FLOW: Can You See the River?
Conceived by artist Mary Miss, FLOW: Can You See the River? is a city-wide public art project that reveals how ordinary activities are connected to the history, ecology, origin and potential of the White River water system.
The project appears along a six-mile stretch of the river, with stopping points located on the grounds of the Indianapolis Museum of Art, in The Virginia B. Fairbanks Art & Nature Park: 100 Acres, and along the Central Canal at Butler University and continuing to White River State Park downtown. Mirror markers and oversized red map pins identify important features of the watershed, including wetlands, floodplains, combined sewer outfalls and pollution. In 100 Acres, red tree bands mark the level of what was once referred to as a 100-year flood, or what hydrologists consider a flood that has a 1 percent chance of happening in any year.
FLOW: Can You See the River? was commissioned by the Indianapolis Museum of Art, with concurrent activities facilitated by EcoArts Connections and more than 20 leading Indianapolis arts, science, environment, and municipal organizations and agencies. A series of activities and easily accessible web- and phone-based technologies allow you to experience how water affects your everyday life.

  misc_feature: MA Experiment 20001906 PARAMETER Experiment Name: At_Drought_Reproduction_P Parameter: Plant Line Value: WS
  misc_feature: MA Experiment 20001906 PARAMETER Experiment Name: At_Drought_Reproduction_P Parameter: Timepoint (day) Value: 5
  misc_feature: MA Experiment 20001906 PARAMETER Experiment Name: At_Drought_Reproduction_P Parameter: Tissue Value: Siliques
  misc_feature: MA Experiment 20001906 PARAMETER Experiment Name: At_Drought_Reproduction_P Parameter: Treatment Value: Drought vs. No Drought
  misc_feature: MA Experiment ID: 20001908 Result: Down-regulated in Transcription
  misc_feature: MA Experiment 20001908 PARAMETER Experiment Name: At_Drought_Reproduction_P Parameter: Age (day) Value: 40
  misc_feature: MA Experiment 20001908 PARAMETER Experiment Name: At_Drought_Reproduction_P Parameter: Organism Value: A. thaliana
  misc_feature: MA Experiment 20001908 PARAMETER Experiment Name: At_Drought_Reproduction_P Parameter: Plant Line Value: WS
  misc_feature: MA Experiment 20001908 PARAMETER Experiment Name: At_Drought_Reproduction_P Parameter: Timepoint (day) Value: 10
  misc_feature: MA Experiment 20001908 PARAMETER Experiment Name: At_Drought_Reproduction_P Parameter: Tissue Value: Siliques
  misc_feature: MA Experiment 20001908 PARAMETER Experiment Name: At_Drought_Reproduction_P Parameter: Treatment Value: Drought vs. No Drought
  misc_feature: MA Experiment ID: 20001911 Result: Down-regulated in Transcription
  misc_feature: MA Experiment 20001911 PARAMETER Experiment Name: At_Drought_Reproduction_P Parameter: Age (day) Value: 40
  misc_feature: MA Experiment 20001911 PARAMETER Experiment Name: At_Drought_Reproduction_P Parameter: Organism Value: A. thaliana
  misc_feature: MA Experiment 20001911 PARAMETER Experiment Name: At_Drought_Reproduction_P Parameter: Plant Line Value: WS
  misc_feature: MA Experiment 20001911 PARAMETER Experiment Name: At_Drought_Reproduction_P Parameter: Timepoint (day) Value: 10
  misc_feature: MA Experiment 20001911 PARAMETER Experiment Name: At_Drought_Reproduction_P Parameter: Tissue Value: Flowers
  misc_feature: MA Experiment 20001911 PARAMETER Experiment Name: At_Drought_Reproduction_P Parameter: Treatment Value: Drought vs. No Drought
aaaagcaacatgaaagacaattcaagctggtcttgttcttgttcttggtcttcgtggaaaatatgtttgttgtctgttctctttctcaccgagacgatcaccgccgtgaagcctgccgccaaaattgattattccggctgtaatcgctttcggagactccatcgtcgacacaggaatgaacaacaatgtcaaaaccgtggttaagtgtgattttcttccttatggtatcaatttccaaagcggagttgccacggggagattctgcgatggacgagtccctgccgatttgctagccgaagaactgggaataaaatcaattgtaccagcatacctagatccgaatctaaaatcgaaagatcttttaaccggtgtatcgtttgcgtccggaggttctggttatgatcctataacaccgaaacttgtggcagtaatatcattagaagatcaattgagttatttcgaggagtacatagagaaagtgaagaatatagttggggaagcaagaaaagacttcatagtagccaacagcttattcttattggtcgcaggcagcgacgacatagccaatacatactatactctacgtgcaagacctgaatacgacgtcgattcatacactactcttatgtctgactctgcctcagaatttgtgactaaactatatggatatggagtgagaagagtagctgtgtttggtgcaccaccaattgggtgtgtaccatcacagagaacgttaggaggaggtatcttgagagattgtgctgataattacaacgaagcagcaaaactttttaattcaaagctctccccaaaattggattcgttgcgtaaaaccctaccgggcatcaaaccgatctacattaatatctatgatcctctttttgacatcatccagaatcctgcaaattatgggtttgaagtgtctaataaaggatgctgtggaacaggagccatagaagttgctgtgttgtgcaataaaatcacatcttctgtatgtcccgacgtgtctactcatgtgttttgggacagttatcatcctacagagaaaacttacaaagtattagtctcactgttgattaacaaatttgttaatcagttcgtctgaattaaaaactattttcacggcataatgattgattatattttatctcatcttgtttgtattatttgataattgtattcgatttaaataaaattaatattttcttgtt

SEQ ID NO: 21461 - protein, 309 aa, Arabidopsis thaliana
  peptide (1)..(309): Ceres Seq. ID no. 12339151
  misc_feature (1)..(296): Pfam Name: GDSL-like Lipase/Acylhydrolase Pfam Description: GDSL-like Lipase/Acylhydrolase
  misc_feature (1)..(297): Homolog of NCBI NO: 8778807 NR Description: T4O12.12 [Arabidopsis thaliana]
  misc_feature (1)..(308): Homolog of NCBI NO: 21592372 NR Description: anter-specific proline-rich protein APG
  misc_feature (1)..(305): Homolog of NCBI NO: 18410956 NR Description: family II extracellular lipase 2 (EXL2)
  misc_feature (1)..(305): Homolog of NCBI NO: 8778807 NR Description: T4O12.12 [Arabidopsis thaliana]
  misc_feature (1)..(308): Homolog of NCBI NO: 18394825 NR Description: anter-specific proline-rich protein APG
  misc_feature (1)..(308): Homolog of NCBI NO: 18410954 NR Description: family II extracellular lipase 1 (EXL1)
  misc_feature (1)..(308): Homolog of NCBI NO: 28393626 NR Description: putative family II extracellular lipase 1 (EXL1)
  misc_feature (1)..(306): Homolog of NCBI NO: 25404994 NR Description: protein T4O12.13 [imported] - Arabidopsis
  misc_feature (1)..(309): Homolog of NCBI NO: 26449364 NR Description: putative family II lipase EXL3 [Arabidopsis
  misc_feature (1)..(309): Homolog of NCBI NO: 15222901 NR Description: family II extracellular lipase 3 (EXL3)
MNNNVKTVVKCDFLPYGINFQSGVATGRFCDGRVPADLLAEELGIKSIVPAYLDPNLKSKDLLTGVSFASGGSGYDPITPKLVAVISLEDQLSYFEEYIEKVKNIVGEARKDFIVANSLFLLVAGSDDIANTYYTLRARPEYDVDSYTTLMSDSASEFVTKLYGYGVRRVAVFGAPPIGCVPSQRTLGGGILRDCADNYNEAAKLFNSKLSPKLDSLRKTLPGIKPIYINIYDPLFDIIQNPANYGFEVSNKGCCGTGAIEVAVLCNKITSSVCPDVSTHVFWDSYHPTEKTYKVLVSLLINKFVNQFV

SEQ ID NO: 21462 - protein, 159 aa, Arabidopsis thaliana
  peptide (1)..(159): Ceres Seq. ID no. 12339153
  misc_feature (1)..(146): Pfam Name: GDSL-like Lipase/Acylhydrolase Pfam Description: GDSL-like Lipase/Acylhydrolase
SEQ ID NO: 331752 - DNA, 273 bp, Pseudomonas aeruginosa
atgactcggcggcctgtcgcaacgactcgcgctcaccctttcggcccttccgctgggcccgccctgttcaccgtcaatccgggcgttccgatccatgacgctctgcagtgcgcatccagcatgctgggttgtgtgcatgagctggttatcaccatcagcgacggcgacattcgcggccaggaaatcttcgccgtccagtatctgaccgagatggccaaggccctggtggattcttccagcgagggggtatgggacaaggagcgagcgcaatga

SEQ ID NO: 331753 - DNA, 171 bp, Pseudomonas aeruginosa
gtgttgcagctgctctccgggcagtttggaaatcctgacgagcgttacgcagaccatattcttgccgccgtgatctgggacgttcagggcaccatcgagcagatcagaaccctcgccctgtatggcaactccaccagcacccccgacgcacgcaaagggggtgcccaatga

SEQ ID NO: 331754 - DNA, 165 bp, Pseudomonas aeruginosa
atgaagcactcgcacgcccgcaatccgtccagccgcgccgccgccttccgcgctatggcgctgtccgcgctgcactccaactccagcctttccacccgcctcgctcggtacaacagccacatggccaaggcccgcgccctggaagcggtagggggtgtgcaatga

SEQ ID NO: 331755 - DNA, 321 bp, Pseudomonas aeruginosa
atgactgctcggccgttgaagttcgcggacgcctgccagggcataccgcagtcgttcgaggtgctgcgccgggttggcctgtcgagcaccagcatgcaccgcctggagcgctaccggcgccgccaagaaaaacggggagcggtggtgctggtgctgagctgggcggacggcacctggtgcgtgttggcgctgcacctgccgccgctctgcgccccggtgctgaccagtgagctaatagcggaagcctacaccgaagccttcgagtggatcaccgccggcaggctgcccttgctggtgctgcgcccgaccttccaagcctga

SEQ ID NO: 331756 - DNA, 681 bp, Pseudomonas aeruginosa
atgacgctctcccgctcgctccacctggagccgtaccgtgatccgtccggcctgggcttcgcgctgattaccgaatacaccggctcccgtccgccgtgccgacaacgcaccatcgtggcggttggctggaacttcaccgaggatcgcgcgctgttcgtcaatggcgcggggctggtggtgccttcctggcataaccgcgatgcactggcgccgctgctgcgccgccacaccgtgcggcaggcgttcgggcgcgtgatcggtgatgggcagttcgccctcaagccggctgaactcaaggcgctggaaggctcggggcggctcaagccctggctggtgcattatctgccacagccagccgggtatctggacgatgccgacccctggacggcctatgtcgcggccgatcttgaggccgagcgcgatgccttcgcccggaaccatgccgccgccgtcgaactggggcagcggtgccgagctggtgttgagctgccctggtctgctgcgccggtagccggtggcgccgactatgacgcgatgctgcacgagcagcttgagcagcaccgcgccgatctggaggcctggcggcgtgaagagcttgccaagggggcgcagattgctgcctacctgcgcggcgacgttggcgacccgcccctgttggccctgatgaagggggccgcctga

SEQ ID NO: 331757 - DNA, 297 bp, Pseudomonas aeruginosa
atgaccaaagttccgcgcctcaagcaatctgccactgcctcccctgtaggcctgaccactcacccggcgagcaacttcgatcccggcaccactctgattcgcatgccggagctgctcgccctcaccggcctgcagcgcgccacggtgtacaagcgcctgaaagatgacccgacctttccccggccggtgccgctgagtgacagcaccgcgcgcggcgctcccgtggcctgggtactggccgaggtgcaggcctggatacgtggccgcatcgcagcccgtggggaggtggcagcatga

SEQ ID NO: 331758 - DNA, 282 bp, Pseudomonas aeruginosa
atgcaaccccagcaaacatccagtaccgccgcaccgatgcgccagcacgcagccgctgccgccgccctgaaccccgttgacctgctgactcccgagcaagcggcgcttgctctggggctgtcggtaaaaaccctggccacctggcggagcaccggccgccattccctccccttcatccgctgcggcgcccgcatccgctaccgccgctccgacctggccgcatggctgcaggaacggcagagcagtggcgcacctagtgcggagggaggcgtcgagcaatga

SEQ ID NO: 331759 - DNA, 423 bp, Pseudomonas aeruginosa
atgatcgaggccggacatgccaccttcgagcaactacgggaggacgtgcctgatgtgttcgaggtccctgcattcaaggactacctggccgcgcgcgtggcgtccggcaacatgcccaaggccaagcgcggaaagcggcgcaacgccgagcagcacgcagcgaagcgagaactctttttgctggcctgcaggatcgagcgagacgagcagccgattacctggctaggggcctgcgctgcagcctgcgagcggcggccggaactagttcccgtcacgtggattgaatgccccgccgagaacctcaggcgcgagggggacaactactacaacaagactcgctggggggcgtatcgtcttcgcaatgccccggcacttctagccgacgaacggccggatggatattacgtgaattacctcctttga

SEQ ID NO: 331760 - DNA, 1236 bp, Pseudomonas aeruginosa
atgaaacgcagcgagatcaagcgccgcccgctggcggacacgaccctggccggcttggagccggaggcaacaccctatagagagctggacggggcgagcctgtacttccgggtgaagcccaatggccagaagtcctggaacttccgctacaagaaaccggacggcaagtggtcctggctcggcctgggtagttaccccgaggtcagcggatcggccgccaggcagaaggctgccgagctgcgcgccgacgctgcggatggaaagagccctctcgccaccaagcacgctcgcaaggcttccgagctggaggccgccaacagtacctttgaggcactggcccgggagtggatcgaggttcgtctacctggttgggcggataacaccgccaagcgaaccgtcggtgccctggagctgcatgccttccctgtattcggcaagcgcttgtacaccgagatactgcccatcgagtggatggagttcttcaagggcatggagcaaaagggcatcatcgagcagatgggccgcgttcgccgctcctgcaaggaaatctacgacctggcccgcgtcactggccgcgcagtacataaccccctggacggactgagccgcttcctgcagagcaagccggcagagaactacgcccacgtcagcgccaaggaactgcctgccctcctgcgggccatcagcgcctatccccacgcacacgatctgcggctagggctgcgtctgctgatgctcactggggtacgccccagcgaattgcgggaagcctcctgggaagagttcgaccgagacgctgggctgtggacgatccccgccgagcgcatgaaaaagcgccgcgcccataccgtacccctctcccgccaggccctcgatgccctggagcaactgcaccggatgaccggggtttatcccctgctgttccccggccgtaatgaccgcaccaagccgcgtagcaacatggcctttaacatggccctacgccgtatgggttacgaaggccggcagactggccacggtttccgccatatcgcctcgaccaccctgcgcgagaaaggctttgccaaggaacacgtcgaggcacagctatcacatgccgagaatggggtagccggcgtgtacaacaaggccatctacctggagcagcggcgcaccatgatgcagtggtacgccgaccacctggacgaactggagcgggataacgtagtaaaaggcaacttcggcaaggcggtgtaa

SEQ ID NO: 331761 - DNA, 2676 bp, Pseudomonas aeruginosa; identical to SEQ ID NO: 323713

Since the late 1960s, New York-based artist Mary Miss has reshaped the boundaries between sculpture, architecture, landscape design and installation art. A pioneer of environmental art, Miss creates major temporary and permanent outdoor art projects that are thoughtfully integrated into public spaces.
FLOW: Can You See the River? is part of Miss’s wider initiative City as Living Laboratory: Sustainability Made Tangible Through the Arts, whose goal is to foster collaborations within cities to make sustainability an issue that is personal, visceral, and actionable. For this and other projects, Miss has worked closely with architects, planners, engineers, ecologists and public administrators. Her past projects include a proposal to create a temporary memorial around the perimeter of Ground Zero; marking the predicted flood level in Boulder, Colorado; revealing the history of the Union Square Subway station in New York City; and turning a sewage treatment plant into a public space.
Mary Miss has received numerous awards, including a Guggenheim Fellowship (1986); the Medal of Honor, American Institute of Architects (1990); she has an honorary doctorate in fine arts from Washington University (2000).
This project is supported in part by an award from the National Endowment for the Arts.